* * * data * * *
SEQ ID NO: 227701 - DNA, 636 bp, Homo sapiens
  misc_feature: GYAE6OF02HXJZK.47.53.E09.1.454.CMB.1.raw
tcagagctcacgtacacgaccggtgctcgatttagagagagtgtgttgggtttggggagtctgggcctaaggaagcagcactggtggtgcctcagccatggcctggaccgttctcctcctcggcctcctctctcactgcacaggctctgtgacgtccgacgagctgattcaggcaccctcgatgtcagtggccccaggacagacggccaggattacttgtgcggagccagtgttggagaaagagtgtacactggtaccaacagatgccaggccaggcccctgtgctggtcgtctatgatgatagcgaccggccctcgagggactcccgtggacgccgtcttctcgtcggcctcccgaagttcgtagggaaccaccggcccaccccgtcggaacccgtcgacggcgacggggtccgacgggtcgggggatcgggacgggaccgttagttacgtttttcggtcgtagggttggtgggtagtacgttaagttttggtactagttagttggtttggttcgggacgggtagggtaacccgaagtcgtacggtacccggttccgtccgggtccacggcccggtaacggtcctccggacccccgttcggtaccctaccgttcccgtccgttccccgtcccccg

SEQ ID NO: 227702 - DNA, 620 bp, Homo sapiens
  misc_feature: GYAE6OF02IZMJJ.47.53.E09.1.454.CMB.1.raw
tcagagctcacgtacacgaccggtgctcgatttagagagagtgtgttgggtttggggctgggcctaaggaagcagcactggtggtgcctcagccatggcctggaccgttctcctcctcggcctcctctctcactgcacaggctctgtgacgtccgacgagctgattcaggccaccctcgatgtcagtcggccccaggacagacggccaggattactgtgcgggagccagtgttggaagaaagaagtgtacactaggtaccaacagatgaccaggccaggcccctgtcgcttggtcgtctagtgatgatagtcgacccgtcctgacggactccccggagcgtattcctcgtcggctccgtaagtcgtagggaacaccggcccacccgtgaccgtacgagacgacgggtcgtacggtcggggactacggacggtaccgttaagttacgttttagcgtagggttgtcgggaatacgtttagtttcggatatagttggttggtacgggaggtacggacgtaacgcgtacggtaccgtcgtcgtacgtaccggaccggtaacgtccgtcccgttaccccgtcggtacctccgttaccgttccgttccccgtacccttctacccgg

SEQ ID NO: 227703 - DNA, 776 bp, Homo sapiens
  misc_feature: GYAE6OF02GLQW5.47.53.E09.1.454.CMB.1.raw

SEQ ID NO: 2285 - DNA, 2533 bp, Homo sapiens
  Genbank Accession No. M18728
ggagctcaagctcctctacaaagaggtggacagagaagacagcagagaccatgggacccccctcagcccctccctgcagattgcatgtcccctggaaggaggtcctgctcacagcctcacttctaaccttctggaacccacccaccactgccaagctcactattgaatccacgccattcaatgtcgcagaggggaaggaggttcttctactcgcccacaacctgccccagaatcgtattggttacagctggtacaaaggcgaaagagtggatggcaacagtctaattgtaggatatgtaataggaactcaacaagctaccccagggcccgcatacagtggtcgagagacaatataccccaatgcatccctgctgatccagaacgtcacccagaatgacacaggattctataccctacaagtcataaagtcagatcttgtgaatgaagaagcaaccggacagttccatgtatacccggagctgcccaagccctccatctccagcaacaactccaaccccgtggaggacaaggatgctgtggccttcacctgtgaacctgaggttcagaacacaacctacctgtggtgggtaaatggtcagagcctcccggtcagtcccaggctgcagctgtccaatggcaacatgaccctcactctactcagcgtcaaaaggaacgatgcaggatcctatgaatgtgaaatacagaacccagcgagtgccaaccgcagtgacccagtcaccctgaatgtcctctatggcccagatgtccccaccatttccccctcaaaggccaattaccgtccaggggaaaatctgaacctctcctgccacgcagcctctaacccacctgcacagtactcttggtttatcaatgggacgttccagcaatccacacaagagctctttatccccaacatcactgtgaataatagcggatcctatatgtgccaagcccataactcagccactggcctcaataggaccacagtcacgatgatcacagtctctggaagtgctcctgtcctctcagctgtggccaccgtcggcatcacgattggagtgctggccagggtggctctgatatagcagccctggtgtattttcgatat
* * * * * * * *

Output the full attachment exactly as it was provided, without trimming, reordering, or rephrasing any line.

SEQ ID NO: 227701 - DNA, 636 bp, Homo sapiens
  misc_feature: GYAE6OF02HXJZK.47.53.E09.1.454.CMB.1.raw
tcagagctcacgtacacgaccggtgctcgatttagagagagtgtgttgggtttggggagtctgggcctaaggaagcagcactggtggtgcctcagccatggcctggaccgttctcctcctcggcctcctctctcactgcacaggctctgtgacgtccgacgagctgattcaggcaccctcgatgtcagtggccccaggacagacggccaggattacttgtgcggagccagtgttggagaaagagtgtacactggtaccaacagatgccaggccaggcccctgtgctggtcgtctatgatgatagcgaccggccctcgagggactcccgtggacgccgtcttctcgtcggcctcccgaagttcgtagggaaccaccggcccaccccgtcggaacccgtcgacggcgacggggtccgacgggtcgggggatcgggacgggaccgttagttacgtttttcggtcgtagggttggtgggtagtacgttaagttttggtactagttagttggtttggttcgggacgggtagggtaacccgaagtcgtacggtacccggttccgtccgggtccacggcccggtaacggtcctccggacccccgttcggtaccctaccgttcccgtccgttccccgtcccccg

SEQ ID NO: 227702 - DNA, 620 bp, Homo sapiens
  misc_feature: GYAE6OF02IZMJJ.47.53.E09.1.454.CMB.1.raw
tcagagctcacgtacacgaccggtgctcgatttagagagagtgtgttgggtttggggctgggcctaaggaagcagcactggtggtgcctcagccatggcctggaccgttctcctcctcggcctcctctctcactgcacaggctctgtgacgtccgacgagctgattcaggccaccctcgatgtcagtcggccccaggacagacggccaggattactgtgcgggagccagtgttggaagaaagaagtgtacactaggtaccaacagatgaccaggccaggcccctgtcgcttggtcgtctagtgatgatagtcgacccgtcctgacggactccccggagcgtattcctcgtcggctccgtaagtcgtagggaacaccggcccacccgtgaccgtacgagacgacgggtcgtacggtcggggactacggacggtaccgttaagttacgttttagcgtagggttgtcgggaatacgtttagtttcggatatagttggttggtacgggaggtacggacgtaacgcgtacggtaccgtcgtcgtacgtaccggaccggtaacgtccgtcccgttaccccgtcggtacctccgttaccgttccgttccccgtacccttctacccgg

SEQ ID NO: 227703 - DNA, 776 bp, Homo sapiens
  misc_feature: GYAE6OF02GLQW5.47.53.E09.1.454.CMB.1.raw

SEQ ID NO: 2285 - DNA, 2533 bp, Homo sapiens
  Genbank Accession No. M18728
ggagctcaagctcctctacaaagaggtggacagagaagacagcagagaccatgggacccccctcagcccctccctgcagattgcatgtcccctggaaggaggtcctgctcacagcctcacttctaaccttctggaacccacccaccactgccaagctcactattgaatccacgccattcaatgtcgcagaggggaaggaggttcttctactcgcccacaacctgccccagaatcgtattggttacagctggtacaaaggcgaaagagtggatggcaacagtctaattgtaggatatgtaataggaactcaacaagctaccccagggcccgcatacagtggtcgagagacaatataccccaatgcatccctgctgatccagaacgtcacccagaatgacacaggattctataccctacaagtcataaagtcagatcttgtgaatgaagaagcaaccggacagttccatgtatacccggagctgcccaagccctccatctccagcaacaactccaaccccgtggaggacaaggatgctgtggccttcacctgtgaacctgaggttcagaacacaacctacctgtggtgggtaaatggtcagagcctcccggtcagtcccaggctgcagctgtccaatggcaacatgaccctcactctactcagcgtcaaaaggaacgatgcaggatcctatgaatgtgaaatacagaacccagcgagtgccaaccgcagtgacccagtcaccctgaatgtcctctatggcccagatgtccccaccatttccccctcaaaggccaattaccgtccaggggaaaatctgaacctctcctgccacgcagcctctaacccacctgcacagtactcttggtttatcaatgggacgttccagcaatccacacaagagctctttatccccaacatcactgtgaataatagcggatcctatatgtgccaagcccataactcagccactggcctcaataggaccacagtcacgatgatcacagtctctggaagtgctcctgtcctctcagctgtggccaccgtcggcatcacgattggagtgctggccagggtggctctgatatagcagccctggtgtattttcgatat